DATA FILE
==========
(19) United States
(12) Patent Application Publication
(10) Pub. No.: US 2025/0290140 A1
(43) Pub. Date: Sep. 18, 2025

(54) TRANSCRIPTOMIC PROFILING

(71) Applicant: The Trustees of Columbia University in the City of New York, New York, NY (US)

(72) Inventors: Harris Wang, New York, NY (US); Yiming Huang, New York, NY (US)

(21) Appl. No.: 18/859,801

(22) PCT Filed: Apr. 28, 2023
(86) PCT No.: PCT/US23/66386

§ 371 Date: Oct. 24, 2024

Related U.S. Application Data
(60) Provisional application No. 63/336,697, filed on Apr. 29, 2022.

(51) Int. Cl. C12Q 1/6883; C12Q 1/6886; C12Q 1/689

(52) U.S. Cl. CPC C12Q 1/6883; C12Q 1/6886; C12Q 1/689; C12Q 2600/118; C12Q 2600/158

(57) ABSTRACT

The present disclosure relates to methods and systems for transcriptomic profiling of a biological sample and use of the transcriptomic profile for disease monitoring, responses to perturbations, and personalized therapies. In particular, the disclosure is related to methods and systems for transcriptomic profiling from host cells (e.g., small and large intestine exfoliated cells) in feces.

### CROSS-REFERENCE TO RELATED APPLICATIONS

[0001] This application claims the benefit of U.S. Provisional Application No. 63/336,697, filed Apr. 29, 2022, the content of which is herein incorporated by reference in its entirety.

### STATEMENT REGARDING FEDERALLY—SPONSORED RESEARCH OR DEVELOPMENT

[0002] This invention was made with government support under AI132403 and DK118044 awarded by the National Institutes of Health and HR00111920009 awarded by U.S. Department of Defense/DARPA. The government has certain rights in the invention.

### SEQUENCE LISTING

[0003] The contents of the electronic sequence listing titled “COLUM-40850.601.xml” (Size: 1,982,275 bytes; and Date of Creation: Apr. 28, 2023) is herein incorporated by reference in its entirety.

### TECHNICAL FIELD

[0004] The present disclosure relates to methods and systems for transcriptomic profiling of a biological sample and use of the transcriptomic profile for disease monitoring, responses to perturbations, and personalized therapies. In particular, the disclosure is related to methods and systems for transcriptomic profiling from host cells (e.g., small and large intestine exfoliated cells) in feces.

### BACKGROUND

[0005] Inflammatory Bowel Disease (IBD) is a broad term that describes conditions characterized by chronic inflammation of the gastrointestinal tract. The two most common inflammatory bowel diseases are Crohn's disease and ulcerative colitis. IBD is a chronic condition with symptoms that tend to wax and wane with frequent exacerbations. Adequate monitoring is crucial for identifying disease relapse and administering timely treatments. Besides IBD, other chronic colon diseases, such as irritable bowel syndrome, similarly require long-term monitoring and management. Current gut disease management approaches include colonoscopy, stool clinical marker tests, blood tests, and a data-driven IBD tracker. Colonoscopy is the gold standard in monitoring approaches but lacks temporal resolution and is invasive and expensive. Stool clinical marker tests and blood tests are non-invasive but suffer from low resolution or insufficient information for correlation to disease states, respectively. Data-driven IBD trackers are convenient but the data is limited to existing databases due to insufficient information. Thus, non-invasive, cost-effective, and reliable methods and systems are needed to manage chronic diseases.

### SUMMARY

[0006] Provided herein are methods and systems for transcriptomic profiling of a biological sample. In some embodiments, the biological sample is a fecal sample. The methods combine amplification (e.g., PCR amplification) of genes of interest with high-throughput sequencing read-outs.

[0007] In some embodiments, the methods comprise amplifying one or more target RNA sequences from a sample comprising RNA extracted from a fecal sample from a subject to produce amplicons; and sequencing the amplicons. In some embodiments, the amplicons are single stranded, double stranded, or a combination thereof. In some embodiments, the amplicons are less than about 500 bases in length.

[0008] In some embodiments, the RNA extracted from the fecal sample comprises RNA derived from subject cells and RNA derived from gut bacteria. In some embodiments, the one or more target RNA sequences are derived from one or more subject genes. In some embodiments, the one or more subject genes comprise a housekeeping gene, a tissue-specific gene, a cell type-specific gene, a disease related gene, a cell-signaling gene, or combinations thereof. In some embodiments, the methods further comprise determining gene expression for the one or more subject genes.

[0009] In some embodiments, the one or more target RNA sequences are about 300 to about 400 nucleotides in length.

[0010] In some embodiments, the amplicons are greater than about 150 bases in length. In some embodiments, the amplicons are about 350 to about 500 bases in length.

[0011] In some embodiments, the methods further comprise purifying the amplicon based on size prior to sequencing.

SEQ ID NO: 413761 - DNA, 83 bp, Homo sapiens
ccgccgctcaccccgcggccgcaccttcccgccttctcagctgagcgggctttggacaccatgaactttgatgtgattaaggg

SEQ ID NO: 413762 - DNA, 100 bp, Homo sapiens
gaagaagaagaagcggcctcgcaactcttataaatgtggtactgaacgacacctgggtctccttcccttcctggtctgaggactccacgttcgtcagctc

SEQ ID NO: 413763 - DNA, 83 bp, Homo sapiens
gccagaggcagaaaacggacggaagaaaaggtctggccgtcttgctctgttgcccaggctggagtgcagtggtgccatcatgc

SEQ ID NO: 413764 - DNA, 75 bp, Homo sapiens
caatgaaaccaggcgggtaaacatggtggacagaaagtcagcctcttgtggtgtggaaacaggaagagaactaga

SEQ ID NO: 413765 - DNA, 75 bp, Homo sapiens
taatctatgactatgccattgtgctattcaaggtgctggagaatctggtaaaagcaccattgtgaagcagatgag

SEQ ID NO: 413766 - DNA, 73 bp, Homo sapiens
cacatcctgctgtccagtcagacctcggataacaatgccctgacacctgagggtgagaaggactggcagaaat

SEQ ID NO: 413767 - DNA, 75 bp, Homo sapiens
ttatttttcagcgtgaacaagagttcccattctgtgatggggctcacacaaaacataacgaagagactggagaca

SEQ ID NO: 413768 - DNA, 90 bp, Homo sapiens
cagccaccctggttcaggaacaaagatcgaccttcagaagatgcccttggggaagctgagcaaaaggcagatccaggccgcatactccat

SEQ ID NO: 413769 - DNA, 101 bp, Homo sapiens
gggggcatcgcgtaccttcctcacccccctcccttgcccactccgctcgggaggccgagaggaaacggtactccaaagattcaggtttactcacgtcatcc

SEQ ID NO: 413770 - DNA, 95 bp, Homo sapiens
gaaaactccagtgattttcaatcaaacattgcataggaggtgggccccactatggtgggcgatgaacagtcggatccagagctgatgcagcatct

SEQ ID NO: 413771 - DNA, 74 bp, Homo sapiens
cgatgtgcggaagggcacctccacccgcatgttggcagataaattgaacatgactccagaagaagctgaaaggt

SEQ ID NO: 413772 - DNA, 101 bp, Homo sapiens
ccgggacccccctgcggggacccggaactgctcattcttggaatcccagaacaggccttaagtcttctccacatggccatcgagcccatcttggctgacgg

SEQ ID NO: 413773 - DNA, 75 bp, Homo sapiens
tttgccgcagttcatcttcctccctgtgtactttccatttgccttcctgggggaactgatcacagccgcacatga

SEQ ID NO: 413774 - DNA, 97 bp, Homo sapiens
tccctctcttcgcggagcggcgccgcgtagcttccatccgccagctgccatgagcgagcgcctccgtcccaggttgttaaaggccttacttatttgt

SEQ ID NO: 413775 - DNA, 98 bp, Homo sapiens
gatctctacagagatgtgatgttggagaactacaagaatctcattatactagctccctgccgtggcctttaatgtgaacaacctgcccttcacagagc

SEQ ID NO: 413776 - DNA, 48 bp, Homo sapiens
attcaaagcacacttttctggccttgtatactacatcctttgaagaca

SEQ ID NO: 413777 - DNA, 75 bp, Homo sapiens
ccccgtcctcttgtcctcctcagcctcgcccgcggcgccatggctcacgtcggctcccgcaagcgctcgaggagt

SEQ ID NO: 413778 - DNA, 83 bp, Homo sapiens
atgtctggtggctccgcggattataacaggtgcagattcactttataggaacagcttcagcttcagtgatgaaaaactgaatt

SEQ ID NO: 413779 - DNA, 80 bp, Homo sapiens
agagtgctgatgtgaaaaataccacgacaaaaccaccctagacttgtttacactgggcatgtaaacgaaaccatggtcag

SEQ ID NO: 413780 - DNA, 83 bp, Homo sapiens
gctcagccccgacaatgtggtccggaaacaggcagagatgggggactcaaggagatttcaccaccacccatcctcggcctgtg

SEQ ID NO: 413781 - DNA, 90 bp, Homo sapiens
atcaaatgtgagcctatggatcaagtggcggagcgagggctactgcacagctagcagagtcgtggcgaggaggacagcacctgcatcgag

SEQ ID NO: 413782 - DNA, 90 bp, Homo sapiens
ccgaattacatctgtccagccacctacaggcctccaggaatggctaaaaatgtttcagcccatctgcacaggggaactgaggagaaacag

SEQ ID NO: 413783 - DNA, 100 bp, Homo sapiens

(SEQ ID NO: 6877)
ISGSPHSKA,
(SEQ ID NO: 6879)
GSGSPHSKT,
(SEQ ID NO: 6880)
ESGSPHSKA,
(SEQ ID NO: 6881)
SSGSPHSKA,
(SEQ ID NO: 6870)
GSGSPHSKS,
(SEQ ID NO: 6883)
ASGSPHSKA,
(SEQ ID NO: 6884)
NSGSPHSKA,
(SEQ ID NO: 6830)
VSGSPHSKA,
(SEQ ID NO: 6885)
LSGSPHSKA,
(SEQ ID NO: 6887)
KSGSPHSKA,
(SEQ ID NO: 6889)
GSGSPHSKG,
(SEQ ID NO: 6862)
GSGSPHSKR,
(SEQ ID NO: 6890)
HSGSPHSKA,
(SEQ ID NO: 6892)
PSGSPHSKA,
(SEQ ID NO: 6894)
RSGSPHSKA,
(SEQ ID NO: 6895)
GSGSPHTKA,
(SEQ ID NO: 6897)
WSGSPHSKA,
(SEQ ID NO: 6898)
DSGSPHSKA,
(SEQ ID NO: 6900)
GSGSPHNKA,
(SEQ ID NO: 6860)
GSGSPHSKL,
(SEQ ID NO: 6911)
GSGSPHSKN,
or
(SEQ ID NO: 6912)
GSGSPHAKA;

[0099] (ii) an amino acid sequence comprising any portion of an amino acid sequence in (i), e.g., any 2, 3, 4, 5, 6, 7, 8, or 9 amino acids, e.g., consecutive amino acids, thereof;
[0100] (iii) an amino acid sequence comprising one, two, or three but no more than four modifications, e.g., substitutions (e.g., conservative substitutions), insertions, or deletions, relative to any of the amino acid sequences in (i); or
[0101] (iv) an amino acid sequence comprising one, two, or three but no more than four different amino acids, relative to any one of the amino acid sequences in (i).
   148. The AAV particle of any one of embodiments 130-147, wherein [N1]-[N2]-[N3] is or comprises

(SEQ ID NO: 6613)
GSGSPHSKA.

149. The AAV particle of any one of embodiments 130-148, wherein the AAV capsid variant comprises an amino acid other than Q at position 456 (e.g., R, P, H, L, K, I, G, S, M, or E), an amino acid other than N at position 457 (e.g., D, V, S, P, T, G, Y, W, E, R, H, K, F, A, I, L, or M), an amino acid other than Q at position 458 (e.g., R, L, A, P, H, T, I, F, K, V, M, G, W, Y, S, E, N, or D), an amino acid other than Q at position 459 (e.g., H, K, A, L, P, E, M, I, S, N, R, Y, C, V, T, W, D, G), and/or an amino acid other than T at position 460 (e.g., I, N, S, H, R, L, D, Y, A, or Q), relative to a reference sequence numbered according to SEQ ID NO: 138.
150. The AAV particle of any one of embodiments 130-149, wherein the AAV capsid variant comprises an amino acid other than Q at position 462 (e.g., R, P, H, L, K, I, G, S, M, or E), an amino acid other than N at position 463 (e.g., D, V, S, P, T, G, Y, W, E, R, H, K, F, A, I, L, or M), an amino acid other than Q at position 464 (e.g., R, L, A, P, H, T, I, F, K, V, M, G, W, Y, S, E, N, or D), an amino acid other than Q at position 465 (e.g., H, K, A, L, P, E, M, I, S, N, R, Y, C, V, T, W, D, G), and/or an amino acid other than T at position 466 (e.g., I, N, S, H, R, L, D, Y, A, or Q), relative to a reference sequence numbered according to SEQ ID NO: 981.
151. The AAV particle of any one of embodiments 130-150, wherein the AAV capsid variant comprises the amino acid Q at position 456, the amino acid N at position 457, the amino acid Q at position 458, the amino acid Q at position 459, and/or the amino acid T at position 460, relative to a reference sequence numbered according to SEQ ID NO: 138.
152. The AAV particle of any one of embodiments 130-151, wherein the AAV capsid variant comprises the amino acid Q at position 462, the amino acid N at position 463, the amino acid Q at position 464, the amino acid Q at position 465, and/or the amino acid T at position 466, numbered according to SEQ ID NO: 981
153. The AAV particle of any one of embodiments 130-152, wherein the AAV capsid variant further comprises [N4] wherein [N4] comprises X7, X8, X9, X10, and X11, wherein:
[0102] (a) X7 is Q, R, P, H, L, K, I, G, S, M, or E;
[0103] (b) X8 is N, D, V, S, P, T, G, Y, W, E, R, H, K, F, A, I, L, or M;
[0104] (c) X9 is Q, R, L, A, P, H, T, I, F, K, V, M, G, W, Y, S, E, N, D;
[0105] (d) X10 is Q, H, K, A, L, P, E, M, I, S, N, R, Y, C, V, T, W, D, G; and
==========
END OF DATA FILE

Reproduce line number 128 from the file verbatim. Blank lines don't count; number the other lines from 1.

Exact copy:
   148. The AAV particle of any one of embodiments 130-147, wherein [N1]-[N2]-[N3] is or comprises